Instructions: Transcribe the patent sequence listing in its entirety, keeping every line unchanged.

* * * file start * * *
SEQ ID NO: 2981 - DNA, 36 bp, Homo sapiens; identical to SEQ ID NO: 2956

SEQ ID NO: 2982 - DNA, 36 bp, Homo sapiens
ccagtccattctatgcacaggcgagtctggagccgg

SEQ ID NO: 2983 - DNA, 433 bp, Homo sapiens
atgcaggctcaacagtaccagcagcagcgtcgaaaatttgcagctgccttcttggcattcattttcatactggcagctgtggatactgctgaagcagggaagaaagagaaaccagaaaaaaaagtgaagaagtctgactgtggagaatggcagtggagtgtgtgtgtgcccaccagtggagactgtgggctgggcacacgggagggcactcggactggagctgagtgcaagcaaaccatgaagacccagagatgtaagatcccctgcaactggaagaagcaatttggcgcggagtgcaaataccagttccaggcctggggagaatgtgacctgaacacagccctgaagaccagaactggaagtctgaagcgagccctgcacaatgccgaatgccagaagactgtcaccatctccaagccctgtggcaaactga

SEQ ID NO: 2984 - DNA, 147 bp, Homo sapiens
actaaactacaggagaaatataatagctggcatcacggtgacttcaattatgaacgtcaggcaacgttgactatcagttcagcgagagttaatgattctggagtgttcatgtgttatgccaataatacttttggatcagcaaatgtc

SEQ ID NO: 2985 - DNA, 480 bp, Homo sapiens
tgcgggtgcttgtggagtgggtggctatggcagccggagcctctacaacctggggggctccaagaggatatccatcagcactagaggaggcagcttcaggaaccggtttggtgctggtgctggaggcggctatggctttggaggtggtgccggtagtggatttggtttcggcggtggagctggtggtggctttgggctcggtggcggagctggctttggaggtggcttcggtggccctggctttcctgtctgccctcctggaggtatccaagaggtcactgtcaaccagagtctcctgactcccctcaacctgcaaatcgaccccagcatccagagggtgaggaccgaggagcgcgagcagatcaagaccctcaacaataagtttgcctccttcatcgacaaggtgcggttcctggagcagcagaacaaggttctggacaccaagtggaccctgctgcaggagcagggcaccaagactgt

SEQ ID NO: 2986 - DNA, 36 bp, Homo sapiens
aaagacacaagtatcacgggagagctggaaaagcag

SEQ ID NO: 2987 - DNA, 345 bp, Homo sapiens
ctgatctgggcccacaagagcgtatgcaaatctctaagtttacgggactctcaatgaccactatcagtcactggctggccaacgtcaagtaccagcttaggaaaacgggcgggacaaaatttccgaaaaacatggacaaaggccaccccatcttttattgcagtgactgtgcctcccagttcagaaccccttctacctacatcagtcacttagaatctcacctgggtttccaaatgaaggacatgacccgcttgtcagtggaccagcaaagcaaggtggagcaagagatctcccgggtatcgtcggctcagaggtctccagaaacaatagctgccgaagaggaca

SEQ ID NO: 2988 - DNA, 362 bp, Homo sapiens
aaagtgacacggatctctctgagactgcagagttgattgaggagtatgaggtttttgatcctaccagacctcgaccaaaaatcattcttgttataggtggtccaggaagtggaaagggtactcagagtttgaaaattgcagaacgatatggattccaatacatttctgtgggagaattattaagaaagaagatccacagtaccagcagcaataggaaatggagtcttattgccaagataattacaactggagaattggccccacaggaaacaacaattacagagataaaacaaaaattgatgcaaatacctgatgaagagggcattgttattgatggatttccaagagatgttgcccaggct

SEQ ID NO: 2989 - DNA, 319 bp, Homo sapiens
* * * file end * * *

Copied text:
SEQ ID NO: 2981 - DNA, 36 bp, Homo sapiens; identical to SEQ ID NO: 2956

SEQ ID NO: 2982 - DNA, 36 bp, Homo sapiens
ccagtccattctatgcacaggcgagtctggagccgg

SEQ ID NO: 2983 - DNA, 433 bp, Homo sapiens
atgcaggctcaacagtaccagcagcagcgtcgaaaatttgcagctgccttcttggcattcattttcatactggcagctgtggatactgctgaagcagggaagaaagagaaaccagaaaaaaaagtgaagaagtctgactgtggagaatggcagtggagtgtgtgtgtgcccaccagtggagactgtgggctgggcacacgggagggcactcggactggagctgagtgcaagcaaaccatgaagacccagagatgtaagatcccctgcaactggaagaagcaatttggcgcggagtgcaaataccagttccaggcctggggagaatgtgacctgaacacagccctgaagaccagaactggaagtctgaagcgagccctgcacaatgccgaatgccagaagactgtcaccatctccaagccctgtggcaaactga

SEQ ID NO: 2984 - DNA, 147 bp, Homo sapiens
actaaactacaggagaaatataatagctggcatcacggtgacttcaattatgaacgtcaggcaacgttgactatcagttcagcgagagttaatgattctggagtgttcatgtgttatgccaataatacttttggatcagcaaatgtc

SEQ ID NO: 2985 - DNA, 480 bp, Homo sapiens
tgcgggtgcttgtggagtgggtggctatggcagccggagcctctacaacctggggggctccaagaggatatccatcagcactagaggaggcagcttcaggaaccggtttggtgctggtgctggaggcggctatggctttggaggtggtgccggtagtggatttggtttcggcggtggagctggtggtggctttgggctcggtggcggagctggctttggaggtggcttcggtggccctggctttcctgtctgccctcctggaggtatccaagaggtcactgtcaaccagagtctcctgactcccctcaacctgcaaatcgaccccagcatccagagggtgaggaccgaggagcgcgagcagatcaagaccctcaacaataagtttgcctccttcatcgacaaggtgcggttcctggagcagcagaacaaggttctggacaccaagtggaccctgctgcaggagcagggcaccaagactgt

SEQ ID NO: 2986 - DNA, 36 bp, Homo sapiens
aaagacacaagtatcacgggagagctggaaaagcag

SEQ ID NO: 2987 - DNA, 345 bp, Homo sapiens
ctgatctgggcccacaagagcgtatgcaaatctctaagtttacgggactctcaatgaccactatcagtcactggctggccaacgtcaagtaccagcttaggaaaacgggcgggacaaaatttccgaaaaacatggacaaaggccaccccatcttttattgcagtgactgtgcctcccagttcagaaccccttctacctacatcagtcacttagaatctcacctgggtttccaaatgaaggacatgacccgcttgtcagtggaccagcaaagcaaggtggagcaagagatctcccgggtatcgtcggctcagaggtctccagaaacaatagctgccgaagaggaca

SEQ ID NO: 2988 - DNA, 362 bp, Homo sapiens
aaagtgacacggatctctctgagactgcagagttgattgaggagtatgaggtttttgatcctaccagacctcgaccaaaaatcattcttgttataggtggtccaggaagtggaaagggtactcagagtttgaaaattgcagaacgatatggattccaatacatttctgtgggagaattattaagaaagaagatccacagtaccagcagcaataggaaatggagtcttattgccaagataattacaactggagaattggccccacaggaaacaacaattacagagataaaacaaaaattgatgcaaatacctgatgaagagggcattgttattgatggatttccaagagatgttgcccaggct

SEQ ID NO: 2989 - DNA, 319 bp, Homo sapiens